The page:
4. Think about your promotion channels. Is this an advertising campaign with targeted advertising on websites? Or short advertising campaigns on social networks? Is it possible to guide users to your landing page? Or hope for an organic style of promotion by posting content relevant to the document's topic on a website with your White Paper?

  5. Identify the structure of the document. What subjects will be included? In what order? What questions will be discussed within each topic? Why choose them? What will the answers to these questions provide? It is essential to understand the structure thoroughly - this way, you can keep track of the information set for the White Paper and ensure that you stay focused.

  6. Consider where you will source your information. To create a high-quality White Paper, any business must gather the relevant information. Interviewing company employees is not always enough: sometimes you need to search for information, and sometimes you need to look for experts who can comment on it. Suppose your document does not contain exclusive, unique information you have gathered. In that case, it is unlikely to interest anyone representing your target audience. Don't forget about links to sources. Many leave this enormously important issue for later and then forget.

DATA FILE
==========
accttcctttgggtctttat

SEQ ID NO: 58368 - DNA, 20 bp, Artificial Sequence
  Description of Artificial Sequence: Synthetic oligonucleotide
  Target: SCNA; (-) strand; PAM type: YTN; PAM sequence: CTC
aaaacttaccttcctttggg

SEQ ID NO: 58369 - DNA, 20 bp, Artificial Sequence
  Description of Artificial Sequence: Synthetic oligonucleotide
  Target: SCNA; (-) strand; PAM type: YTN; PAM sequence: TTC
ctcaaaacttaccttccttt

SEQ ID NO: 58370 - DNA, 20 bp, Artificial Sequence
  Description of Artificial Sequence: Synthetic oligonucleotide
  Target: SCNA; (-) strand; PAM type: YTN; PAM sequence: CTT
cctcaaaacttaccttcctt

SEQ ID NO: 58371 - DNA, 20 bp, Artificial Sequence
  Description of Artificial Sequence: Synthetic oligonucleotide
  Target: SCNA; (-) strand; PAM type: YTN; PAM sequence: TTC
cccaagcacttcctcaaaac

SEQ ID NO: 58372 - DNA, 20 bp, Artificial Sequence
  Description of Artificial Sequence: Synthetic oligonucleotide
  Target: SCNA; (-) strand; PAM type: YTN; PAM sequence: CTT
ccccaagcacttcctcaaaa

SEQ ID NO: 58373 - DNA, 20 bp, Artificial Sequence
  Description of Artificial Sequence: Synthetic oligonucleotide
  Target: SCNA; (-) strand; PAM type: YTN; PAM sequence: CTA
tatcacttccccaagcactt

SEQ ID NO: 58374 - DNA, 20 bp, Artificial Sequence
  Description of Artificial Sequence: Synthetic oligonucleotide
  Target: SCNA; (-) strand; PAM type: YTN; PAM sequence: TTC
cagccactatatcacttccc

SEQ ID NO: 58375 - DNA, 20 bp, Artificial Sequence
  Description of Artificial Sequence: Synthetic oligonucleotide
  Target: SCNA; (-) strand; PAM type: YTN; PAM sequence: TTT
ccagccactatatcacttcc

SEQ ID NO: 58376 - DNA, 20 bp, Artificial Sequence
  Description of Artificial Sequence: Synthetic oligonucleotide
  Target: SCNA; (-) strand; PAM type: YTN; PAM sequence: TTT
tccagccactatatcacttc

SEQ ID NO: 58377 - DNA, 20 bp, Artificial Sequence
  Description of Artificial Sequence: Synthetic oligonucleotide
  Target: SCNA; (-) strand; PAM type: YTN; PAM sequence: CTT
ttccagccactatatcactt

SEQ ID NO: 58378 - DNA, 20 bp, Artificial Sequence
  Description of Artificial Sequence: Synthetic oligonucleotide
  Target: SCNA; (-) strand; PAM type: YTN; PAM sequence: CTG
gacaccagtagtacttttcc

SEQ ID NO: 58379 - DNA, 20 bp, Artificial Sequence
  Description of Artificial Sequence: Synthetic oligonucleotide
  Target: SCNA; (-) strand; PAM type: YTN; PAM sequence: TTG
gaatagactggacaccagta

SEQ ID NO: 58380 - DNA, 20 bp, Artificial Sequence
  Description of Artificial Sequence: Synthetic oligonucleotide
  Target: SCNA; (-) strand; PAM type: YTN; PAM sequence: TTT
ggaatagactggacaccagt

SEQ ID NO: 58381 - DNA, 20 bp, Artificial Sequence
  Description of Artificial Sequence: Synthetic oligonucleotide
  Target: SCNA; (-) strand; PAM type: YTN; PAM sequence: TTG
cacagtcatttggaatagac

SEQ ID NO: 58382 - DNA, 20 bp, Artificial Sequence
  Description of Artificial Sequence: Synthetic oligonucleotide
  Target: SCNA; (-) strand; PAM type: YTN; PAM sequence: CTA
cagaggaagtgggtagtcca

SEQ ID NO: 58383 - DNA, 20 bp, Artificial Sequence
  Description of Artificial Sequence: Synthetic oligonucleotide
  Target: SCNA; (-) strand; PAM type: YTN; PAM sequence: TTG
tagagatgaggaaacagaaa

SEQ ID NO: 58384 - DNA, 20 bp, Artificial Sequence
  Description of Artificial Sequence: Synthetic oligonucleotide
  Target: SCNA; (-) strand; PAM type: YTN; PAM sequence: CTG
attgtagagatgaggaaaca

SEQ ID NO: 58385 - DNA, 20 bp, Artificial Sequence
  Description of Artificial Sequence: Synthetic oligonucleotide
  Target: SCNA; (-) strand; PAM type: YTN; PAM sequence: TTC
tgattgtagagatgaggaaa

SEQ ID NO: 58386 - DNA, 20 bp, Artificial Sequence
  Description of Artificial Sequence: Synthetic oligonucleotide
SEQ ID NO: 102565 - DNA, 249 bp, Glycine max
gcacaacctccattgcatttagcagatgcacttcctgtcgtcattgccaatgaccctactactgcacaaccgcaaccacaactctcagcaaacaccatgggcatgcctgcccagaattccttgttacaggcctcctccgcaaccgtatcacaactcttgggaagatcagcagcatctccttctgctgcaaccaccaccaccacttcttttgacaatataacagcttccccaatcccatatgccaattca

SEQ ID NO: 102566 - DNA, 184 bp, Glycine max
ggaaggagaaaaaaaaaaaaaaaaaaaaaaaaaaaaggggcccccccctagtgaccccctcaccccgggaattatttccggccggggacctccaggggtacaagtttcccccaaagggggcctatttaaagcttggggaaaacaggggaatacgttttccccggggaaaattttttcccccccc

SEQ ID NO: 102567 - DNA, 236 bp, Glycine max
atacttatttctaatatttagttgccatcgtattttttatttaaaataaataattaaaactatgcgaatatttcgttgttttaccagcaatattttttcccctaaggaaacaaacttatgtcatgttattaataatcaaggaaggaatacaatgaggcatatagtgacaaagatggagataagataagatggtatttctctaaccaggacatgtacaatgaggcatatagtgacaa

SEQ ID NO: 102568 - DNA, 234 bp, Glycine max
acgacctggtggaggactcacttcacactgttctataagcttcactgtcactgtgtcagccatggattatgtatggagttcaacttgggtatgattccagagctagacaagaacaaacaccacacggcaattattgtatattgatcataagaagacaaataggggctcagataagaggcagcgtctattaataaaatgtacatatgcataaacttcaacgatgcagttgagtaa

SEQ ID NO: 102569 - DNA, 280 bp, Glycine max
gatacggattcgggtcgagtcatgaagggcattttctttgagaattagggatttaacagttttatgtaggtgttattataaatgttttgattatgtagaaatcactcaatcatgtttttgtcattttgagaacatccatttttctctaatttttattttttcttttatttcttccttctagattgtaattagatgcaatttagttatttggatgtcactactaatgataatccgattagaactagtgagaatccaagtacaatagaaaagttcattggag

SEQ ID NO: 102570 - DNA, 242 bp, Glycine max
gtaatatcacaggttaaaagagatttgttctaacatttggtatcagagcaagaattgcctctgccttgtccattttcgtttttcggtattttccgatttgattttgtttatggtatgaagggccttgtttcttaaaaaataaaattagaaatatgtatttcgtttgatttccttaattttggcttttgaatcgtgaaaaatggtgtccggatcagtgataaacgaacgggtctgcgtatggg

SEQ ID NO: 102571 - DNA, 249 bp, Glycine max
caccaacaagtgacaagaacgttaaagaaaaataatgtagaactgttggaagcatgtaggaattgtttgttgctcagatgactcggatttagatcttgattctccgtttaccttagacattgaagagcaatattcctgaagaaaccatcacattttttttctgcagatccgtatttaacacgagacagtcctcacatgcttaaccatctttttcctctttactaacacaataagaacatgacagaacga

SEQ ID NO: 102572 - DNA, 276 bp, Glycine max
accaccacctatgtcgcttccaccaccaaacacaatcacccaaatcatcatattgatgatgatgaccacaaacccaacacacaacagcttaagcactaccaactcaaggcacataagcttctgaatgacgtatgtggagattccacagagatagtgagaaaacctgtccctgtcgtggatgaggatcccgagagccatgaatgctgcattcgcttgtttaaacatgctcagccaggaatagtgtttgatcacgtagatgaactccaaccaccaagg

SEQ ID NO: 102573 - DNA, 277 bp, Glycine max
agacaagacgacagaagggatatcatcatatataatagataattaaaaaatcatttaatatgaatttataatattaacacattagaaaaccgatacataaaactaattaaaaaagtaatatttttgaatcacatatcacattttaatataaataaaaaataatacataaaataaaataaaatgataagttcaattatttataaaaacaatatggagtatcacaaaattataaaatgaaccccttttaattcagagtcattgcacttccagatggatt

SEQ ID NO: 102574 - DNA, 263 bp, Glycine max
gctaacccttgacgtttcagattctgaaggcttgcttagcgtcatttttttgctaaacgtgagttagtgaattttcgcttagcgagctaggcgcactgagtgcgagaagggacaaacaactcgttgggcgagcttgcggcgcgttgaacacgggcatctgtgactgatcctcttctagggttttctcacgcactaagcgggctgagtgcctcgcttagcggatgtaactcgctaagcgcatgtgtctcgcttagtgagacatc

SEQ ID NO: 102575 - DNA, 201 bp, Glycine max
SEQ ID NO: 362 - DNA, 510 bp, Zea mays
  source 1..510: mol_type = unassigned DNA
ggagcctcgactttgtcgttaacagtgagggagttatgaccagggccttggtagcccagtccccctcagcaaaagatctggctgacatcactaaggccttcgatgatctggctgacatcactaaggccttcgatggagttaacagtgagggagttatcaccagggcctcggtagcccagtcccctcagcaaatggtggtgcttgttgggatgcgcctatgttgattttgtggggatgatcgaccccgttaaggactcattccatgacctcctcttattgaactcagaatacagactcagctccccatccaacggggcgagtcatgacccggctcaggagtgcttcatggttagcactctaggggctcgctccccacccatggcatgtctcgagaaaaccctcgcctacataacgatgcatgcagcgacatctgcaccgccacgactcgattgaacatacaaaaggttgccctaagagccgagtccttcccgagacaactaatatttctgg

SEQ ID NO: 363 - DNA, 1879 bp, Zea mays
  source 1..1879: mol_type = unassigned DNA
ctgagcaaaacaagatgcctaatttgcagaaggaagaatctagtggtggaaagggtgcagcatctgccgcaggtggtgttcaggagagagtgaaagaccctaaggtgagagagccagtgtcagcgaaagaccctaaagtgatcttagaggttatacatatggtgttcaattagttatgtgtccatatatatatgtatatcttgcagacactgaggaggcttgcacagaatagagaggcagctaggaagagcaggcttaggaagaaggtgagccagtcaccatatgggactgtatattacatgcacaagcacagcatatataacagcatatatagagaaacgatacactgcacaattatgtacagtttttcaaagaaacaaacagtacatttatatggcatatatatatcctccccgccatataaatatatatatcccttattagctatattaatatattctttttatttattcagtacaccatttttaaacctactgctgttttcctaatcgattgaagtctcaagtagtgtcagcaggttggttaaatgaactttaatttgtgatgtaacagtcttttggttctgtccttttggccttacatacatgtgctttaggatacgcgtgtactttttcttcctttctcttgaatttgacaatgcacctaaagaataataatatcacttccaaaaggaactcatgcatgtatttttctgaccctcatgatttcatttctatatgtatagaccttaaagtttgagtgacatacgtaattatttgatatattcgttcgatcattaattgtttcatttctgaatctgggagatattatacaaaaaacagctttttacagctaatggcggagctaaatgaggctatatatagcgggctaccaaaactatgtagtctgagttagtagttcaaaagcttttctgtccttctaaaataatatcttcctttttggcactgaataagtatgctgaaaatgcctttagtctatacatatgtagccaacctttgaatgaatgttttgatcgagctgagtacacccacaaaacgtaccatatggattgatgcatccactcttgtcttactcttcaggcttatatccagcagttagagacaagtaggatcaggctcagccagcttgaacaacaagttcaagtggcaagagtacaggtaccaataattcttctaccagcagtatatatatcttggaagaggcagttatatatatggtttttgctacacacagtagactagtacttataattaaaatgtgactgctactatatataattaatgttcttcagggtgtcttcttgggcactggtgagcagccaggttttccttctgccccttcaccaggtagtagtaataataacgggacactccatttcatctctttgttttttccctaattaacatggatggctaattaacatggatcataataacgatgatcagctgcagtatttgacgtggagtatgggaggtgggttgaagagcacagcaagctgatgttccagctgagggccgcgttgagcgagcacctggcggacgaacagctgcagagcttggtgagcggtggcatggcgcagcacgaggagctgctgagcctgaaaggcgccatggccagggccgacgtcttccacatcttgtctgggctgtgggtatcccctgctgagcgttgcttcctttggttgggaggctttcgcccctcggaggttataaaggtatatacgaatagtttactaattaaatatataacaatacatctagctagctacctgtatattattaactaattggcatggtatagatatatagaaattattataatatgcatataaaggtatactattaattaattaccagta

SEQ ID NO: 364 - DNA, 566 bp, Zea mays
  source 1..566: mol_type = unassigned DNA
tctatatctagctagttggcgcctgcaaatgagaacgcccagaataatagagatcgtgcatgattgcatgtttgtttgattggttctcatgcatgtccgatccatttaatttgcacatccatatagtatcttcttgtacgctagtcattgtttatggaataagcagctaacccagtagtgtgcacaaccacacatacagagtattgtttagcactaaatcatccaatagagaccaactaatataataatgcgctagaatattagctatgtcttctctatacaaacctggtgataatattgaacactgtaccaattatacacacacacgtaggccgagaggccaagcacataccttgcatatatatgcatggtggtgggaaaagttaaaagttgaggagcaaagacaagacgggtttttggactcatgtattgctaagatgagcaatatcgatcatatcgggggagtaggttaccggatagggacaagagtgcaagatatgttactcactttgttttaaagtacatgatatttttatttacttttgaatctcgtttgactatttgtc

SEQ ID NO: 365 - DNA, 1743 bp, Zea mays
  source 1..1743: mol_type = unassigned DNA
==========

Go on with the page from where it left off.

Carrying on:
7. Create a visual image. You can achieve this by utilising a designer - you must understand where (roughly) the information sections will be found inside the document to present them as effectively as possible and highlight what you consider the most vital. Consider which graphic elements you want to see in the White Paper and create technical specifications for your designer. Yes, the White Paper must be visually designed; this will take resources. However, without having a stunning design, the document is unlikely to be read beyond the first ten pages. The design must be readable, and the White Paper should at least look attractive and, at most, exciting.

Where do you obtain information for a White Paper?